And Then There Was Life

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I remember three art class teachers from my public school days. I don’t remember any of their names but oddly enough it was a lesson from the very first teacher that I remember most vividly.

We were maybe sixth graders sitting in the art class. Mr. Teacher held up a very pretty picture he had drawn with crayons. His message was Don’t let people discourage you. Art isn’t the medium you use, it is how and what you create. Even crayons in the hand of an artist become art.

I don’t remember any other art classes until my Sophomore and Junior years in high school. We did still life oils in one quarter and somewhere in there, we did pottery. I loved both oil painting and working with clay.

Working with clay has its challenges. We didn’t have class every day and if, as is normal, you don’t finish your project in one day it went back in the clay bin wrapped in wet paper towels.

The school bought our clay in large amounts. I don’t know if it came in a powder then they mixed it, or if it came wet. I have thought about and read on the subject of using ‘natural’ clay—Clay that you can dig out of the ground.

The caution as I remember with natural clay was making sure there were no rocks left in the clay. If there were rocks in the clay during the firing they would cause the piece to explode and break of course destroying the pottery.

Very seldom as we go through life do we wonder where we are going, not in the broad sense. Keep in mind as you go on your way this excerpt copied from Facebook by Rick Holland: “When I was 15 I spent a month working on an archeological dig. I was talking to one of the archeologists one day during our lunch break and he asked those kinds of “getting to know you” questions you ask young people: Do you play sports? What’s your favorite subject? And I told him, no I don’t play any sports. I do theater, I’m in choir, I play the violin and piano, I used to take art classes.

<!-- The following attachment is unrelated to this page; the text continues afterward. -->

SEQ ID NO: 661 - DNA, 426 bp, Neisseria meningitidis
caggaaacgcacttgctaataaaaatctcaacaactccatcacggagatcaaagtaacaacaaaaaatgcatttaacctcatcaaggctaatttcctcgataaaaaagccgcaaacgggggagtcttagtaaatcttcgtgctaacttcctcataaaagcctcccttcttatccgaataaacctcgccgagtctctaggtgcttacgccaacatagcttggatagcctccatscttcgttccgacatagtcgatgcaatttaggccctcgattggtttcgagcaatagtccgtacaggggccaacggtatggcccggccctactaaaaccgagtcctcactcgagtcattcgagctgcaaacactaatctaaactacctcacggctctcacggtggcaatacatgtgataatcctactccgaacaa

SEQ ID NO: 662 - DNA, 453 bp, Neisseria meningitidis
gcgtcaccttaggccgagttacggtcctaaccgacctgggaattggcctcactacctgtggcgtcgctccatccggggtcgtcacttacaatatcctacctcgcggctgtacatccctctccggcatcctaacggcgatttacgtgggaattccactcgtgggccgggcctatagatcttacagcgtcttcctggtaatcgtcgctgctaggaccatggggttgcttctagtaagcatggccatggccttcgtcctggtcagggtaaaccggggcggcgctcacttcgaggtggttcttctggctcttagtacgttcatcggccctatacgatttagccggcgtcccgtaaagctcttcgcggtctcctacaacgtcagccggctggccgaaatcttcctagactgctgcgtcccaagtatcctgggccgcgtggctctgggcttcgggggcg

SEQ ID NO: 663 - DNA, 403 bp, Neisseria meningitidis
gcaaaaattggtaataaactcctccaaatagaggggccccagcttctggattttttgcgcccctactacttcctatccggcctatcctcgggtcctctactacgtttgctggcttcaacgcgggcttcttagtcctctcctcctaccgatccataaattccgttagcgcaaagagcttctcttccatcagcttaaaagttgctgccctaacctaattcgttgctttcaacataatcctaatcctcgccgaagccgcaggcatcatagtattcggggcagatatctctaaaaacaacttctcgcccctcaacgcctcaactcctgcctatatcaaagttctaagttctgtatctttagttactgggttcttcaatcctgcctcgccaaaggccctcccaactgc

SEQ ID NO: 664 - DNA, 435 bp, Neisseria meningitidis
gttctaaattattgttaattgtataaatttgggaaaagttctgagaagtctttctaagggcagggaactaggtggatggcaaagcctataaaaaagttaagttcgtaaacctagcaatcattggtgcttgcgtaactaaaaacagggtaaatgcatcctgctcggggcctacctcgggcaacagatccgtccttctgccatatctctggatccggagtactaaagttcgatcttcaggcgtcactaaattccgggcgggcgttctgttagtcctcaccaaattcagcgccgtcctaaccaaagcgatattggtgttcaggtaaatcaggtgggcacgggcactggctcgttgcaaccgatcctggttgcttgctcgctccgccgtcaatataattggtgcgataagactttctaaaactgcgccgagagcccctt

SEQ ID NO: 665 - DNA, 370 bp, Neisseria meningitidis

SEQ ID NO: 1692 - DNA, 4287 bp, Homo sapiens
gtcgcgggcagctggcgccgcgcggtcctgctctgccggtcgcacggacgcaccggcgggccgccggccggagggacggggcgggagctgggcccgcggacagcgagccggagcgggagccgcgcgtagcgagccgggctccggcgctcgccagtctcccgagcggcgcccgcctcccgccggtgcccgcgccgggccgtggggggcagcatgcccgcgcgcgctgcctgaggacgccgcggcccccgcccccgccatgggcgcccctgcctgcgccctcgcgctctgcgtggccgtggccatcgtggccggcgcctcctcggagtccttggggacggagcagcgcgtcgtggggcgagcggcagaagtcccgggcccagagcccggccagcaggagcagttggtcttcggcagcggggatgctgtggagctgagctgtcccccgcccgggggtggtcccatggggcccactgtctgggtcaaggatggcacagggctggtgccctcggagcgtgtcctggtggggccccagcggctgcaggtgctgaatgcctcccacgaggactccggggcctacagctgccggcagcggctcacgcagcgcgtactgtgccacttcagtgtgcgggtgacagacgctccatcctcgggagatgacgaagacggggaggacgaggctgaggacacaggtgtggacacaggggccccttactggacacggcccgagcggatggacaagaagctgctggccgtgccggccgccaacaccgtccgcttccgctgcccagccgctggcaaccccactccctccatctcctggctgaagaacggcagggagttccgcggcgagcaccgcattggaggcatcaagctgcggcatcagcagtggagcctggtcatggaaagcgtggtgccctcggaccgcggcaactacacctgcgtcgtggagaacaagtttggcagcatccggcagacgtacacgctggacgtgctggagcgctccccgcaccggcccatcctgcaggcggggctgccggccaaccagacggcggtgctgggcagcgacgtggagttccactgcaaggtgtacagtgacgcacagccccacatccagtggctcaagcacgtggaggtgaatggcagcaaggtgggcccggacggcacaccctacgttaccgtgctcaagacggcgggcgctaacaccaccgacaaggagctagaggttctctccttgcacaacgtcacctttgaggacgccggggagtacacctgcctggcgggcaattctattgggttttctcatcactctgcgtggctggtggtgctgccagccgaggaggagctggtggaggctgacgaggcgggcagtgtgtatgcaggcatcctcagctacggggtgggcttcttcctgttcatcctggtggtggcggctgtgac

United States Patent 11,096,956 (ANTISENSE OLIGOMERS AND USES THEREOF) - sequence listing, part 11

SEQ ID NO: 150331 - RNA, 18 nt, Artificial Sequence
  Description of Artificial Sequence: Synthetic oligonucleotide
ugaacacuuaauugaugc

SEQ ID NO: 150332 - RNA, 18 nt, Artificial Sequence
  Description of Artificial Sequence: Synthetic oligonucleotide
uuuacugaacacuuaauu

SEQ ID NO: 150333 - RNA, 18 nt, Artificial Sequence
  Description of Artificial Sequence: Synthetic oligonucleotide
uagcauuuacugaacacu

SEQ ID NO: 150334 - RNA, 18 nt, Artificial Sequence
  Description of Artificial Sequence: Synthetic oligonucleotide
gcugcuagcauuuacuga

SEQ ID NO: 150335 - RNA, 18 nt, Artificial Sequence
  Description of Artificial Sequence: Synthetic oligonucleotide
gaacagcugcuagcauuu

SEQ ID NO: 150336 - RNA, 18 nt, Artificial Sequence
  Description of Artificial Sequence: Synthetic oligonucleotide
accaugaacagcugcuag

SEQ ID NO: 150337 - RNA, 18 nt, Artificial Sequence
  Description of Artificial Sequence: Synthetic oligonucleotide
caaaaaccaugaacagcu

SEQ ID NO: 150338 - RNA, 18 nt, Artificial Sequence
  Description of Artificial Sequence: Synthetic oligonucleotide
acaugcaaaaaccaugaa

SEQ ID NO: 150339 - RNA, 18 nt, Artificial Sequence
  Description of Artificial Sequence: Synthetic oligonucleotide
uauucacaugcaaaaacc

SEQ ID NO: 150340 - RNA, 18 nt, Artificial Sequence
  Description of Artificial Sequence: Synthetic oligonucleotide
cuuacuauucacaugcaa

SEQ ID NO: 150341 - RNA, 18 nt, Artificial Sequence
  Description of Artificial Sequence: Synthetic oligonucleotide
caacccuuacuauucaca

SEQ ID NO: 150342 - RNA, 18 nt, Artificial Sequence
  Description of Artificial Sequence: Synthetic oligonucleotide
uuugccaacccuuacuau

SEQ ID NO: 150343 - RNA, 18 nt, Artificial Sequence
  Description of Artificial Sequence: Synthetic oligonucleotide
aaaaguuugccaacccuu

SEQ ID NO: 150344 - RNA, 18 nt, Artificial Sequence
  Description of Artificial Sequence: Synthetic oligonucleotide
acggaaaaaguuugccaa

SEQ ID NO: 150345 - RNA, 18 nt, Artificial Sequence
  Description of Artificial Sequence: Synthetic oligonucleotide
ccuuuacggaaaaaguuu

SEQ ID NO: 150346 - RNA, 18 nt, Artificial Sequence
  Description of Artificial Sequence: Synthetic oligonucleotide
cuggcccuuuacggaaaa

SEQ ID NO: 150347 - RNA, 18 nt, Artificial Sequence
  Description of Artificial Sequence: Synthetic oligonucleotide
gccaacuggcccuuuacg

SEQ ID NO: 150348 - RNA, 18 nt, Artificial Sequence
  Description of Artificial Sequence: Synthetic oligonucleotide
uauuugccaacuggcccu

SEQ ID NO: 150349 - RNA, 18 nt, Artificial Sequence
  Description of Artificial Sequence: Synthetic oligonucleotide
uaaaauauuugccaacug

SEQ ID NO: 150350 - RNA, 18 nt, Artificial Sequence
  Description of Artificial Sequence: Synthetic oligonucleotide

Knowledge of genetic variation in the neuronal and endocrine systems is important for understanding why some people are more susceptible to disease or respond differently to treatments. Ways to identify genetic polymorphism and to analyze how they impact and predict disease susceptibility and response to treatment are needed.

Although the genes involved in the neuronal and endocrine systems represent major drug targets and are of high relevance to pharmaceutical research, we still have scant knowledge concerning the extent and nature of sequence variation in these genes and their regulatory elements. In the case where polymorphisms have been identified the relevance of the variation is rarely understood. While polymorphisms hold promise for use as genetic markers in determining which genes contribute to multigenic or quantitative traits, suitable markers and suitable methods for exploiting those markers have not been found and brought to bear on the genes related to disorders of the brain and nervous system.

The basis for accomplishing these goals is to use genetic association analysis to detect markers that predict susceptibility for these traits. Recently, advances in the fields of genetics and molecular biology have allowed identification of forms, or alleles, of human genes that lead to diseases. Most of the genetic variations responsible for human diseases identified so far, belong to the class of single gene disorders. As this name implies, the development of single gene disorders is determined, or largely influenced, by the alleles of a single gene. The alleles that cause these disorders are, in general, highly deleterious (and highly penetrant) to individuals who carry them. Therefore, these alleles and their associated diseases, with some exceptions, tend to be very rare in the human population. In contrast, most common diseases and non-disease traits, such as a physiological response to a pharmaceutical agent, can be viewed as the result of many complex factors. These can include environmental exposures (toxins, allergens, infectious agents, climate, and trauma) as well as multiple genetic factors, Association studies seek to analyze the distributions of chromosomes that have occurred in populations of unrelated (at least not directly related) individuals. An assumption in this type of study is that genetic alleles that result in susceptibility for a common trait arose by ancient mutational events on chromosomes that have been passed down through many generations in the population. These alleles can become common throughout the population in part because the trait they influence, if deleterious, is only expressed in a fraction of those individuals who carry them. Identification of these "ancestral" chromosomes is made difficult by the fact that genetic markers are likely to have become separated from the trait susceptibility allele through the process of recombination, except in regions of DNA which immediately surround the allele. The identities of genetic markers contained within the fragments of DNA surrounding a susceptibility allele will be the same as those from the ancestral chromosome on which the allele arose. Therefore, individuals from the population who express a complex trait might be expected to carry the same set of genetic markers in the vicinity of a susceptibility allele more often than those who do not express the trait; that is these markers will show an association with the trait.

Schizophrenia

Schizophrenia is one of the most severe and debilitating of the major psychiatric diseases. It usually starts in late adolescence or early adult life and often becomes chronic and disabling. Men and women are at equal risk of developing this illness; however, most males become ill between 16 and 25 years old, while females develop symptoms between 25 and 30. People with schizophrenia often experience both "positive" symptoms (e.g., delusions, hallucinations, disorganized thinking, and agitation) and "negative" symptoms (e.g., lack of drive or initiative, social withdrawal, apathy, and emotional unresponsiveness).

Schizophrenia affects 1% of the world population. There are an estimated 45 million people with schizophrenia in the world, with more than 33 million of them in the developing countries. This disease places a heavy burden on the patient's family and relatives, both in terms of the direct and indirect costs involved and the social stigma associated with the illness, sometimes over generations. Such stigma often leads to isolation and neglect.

And he went WOW. That’s amazing! And I said, “Oh no, but I’m not any good at ANY of them.”
And he said something then that I will never forget and which absolutely blew my mind because no one had ever said anything like it to me before: “I don’t think being good at things is the point of doing them. I think you’ve got all these wonderful experiences with different skills, and that all teaches you things and makes you an interesting person, no matter how well you do them.”
And that honestly changed my life. Because I went from a failure, someone who hadn’t been talented enough at anything to excel, to someone who did things because I enjoyed them. I had been raised in such an achievement-oriented environment, so inundated with the myth of Talent, that I thought it was only worth doing things if you could “Win” at them.”

Jeremiah 18:

1  The word which came to Jeremiah from the LORD, saying,

2  Arise, and go down to the potter’s house, and there I will cause thee to hear my words.

3  Then I went down to the potter’s house, and, behold, he wrought a work on the wheels.

4  And the vessel that he made of clay was marred in the hand of the potter: so he made it again another vessel, as seemed good to the potter to make it.

5  Then the word of the LORD came to me, saying, 6  O house of Israel, cannot I do with you as this potter? saith the LORD. Behold, as the clay is in the potter’s hand, so are ye in mine hand, O house of Israel.